Jean François Champollion deciphered Egyptian hieroglyphics, which opened the door to understanding the culture of ancient Egypt.
Curious scratches, resembling bird footprints, were found on thousands of hardened clay tablets. Initially, some scientists thought they were decorations rather than writing. Since the marks had apparently been made with a wedgelike knife in soft clay, the experts called them cuneiform, or letterforms made by cunei, Latin for "wedges."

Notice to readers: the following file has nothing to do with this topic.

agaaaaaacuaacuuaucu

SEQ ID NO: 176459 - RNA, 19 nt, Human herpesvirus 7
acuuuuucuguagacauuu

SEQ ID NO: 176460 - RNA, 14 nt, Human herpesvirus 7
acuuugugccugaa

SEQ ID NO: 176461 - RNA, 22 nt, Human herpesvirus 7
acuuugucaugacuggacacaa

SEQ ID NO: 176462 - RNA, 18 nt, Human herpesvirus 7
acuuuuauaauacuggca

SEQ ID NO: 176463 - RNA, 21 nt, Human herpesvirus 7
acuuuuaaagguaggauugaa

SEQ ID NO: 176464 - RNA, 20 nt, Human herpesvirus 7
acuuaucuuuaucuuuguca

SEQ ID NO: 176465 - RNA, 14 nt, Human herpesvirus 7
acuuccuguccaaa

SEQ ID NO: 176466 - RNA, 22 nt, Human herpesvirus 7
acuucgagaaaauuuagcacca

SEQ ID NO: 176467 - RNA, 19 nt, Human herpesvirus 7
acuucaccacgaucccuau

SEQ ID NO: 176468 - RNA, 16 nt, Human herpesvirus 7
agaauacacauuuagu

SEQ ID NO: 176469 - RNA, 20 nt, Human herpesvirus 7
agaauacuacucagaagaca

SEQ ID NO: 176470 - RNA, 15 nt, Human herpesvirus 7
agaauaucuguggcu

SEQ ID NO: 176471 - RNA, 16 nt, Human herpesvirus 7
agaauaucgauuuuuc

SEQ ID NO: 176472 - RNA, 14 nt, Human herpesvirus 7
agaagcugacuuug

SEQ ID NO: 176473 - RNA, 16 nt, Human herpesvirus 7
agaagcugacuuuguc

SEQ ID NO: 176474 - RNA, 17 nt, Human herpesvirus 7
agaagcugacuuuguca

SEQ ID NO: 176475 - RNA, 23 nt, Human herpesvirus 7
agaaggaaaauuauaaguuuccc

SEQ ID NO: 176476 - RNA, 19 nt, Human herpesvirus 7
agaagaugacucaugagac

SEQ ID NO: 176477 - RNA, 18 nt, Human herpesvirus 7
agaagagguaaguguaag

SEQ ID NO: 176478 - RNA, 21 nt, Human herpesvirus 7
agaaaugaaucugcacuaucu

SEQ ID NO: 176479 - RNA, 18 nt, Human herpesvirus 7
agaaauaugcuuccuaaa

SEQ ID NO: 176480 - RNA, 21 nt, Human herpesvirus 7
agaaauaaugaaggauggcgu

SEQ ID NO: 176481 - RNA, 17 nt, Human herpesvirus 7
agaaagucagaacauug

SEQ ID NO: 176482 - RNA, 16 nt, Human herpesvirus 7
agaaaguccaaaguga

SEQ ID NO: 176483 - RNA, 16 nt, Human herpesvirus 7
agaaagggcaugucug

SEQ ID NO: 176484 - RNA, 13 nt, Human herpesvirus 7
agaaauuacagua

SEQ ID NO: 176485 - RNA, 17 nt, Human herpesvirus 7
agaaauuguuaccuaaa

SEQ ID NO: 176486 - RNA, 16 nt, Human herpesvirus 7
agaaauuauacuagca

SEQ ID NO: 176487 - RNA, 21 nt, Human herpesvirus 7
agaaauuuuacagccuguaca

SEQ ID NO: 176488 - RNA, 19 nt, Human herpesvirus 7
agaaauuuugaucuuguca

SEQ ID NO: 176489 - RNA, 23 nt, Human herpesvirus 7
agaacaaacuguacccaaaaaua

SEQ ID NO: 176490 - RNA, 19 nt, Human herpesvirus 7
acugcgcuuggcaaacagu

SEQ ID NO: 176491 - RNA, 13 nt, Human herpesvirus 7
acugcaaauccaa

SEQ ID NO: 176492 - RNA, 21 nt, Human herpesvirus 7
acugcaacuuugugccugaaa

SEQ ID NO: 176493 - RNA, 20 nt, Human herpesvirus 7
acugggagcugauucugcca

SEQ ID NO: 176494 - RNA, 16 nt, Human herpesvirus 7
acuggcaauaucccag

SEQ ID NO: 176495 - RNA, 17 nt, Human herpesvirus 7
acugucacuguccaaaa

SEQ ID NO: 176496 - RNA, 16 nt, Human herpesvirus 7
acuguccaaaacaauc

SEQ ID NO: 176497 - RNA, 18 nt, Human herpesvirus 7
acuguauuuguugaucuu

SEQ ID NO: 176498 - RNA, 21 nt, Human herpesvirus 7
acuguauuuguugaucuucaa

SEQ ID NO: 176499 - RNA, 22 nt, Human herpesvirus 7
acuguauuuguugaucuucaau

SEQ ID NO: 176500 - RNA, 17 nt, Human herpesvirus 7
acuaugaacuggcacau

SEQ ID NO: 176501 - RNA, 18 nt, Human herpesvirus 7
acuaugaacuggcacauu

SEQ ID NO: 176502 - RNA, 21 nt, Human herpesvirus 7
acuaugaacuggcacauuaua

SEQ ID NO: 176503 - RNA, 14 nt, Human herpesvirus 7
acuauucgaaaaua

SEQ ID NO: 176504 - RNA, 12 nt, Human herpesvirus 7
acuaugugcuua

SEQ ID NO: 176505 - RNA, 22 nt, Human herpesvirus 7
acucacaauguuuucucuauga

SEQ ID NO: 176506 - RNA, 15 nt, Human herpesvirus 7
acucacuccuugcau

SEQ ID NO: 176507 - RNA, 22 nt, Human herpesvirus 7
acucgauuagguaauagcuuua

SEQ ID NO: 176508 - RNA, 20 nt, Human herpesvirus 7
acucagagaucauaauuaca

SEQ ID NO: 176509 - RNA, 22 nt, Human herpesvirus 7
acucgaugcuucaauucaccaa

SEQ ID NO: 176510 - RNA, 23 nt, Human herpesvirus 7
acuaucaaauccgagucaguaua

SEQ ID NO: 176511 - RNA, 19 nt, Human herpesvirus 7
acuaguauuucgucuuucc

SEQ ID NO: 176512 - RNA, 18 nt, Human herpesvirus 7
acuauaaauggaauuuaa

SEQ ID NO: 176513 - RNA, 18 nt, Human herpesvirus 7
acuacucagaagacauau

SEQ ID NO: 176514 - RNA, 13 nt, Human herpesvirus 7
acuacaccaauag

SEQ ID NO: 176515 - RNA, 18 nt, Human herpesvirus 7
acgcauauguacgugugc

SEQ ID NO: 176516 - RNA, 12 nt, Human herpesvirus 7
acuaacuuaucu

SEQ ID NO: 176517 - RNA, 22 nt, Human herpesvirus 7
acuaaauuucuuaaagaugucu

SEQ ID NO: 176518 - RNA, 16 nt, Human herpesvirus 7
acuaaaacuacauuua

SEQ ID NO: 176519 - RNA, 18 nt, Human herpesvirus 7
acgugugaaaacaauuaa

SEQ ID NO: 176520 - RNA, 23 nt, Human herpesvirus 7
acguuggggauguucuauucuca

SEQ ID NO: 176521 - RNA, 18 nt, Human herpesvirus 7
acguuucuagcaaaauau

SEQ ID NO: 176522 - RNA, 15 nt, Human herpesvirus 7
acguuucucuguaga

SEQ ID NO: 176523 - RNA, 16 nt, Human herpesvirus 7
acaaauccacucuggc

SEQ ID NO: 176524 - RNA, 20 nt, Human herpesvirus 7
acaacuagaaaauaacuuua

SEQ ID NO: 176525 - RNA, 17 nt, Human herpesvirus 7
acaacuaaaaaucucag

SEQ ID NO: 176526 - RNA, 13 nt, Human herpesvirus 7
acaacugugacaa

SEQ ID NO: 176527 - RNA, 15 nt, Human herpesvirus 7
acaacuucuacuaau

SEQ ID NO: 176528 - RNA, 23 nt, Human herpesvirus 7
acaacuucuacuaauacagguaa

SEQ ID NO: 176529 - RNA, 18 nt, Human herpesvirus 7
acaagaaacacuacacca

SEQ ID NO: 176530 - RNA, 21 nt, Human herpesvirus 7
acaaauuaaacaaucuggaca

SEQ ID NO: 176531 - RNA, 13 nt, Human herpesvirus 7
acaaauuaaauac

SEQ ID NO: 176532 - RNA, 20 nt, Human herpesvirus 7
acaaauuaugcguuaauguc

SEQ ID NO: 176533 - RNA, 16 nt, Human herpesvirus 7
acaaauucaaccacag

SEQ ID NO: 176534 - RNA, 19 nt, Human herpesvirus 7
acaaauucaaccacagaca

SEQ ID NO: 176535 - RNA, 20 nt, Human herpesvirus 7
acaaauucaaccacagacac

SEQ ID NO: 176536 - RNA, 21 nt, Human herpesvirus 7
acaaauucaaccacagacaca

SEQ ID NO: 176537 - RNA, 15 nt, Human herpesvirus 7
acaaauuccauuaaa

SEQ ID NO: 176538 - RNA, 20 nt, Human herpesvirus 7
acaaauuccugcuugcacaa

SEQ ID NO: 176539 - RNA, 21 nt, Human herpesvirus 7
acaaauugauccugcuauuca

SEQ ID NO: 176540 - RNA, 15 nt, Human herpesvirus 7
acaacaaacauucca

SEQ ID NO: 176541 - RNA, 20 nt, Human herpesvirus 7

The credit for the deciphering of cuneiform would go mostly to an agent of the British government, Henry C. Rawlinson, stationed in Persia. He began a systematic study of cuneiform writing found on the Behistun Rock inscription, sometimes known as the "Rosetta Stone of cuneiform."
Thousands of years earlier, Darius the to be pure imagination contemporaries
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